Table 1 Demographic characteristic of the sample
Fig. 2
figure2

Histogram of the difference comparing NDI 10-item total score with NDI 8-item total score. NDI: neck disability index

Fig. 3
figure3

Histogram of the difference comparing NDI 10-item total score with NDI 5-item total score. NDI: neck disability index

Fig. 4
figure4

Histogram of the difference comparing NDI 8-item total score with NDI 5-item total score. NDI: neck disability index

Table 2 Bland-Altman statistics and non-parametric comparisons by Wilcoxon signed rank test

Agreement of Rasch solutions

Table 2 demonstrated both average and individual agreement results of all three comparisons.

Through pairwise comparisons, we identified that the mean difference was approximately 10% of the total score between the NDI-10 and NDI-5 (− 4.6 points), whereas the NDI-10 versus NDI-8 and NDI-8 versus NDI-5had similar mean differences that were about half (− 2.3 points). We considered the NDI-10 as the reference method during comparisons, negative mean differences indicating that both NDI-8 and NDI-5 systematically scored higher than standard NDI-10 The B&A plots displayed wider 95% LoA for the agreement between NDI-10 and NDI-8 (− 12.0, 7.4) and NDI-5 (− 14.9, 5.8) compared with the agreement between the NDI-8 and NDI-5 (− 7.8, 3.3).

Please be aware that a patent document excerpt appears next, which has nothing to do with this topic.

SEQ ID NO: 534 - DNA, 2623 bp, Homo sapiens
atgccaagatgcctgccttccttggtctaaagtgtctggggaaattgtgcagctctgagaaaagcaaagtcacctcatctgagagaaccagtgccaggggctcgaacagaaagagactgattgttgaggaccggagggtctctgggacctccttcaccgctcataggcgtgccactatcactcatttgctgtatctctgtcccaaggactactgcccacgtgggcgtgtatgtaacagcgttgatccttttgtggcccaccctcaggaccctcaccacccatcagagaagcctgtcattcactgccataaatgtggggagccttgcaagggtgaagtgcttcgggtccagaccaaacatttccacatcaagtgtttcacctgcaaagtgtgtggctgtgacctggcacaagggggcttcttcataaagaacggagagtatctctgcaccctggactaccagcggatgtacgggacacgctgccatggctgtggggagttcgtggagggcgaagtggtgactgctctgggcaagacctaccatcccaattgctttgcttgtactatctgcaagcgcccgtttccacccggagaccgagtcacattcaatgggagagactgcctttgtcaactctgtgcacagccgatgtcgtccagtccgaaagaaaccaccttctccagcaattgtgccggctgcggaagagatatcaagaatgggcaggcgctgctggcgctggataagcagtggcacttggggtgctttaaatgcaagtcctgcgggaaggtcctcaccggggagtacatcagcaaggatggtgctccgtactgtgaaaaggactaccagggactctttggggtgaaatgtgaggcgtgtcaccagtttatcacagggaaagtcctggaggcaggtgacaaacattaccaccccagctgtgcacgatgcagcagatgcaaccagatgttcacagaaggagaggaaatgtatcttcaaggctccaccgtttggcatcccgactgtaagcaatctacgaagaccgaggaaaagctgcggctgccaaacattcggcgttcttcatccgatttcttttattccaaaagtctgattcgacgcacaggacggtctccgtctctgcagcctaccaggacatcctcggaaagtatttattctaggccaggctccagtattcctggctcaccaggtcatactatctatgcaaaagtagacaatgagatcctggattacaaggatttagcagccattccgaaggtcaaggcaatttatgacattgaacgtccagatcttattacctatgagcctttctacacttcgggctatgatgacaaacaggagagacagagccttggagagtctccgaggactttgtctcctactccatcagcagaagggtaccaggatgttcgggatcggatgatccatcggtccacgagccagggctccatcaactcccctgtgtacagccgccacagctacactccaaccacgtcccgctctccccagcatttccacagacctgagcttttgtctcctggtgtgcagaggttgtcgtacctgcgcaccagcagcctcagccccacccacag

Through visual inspection of the Bland-Altman plot, the bias between NDI-10 and NDI-8 tended to be in opposite directions at different point in the scale range, as negative value of differences predominated in the lower end (before scores of 20) and positive values predominated in the high end of the scale (between 20 and 40). A similar trend was identified in the comparison between NDI-10 and NDI-5. However, such patterns were not present in the plot comparing NDI-8 with NDI-5. Please see Figs. 5, 6, 7.

Fig. 5
figure5

Bland–Altman plots displaying 95% LoA in pair-wise comparison between NDI 10-item with NDI 8-item version. LoA: limits of agreement. NDI: neck disability index

Fig. 6
figure6

Bland–Altman plots displaying 95% LoA in pair-wise comparison between NDI 10-item with NDI 5-item version. LoA: limits of agreement. NDI: neck disability index

Fig. 7
figure7

Bland–Altman plots displaying 95% LoA in pair-wise comparison between NDI 8-item with NDI 5-item version. LoA: limits of agreement. NDI: neck disability index

The linear relationship on the B&A plot comparing NDI-8 with NDI-5was confirmed by the simple linear regression eq. D = − 0.2 × A + 2.2 with a significant p value for the over model and regression coefficient (p < 0.001) [1]. We then plotted 95% LoA based on the SDres which was equal to 2.4 from the regression model. The new upper and lower limited was constructed as D = − 0.2 × A + 2.189 ± 1.96 × 2.4. See Fig. 8.

Fig. 8
figure8

Bland–Altman plots displaying 95% LoA in regression between NDI 8-item with NDI 5-item version as this varies across the range of the scores. LoA: limits of agreement. NDI: neck disability index

Discussion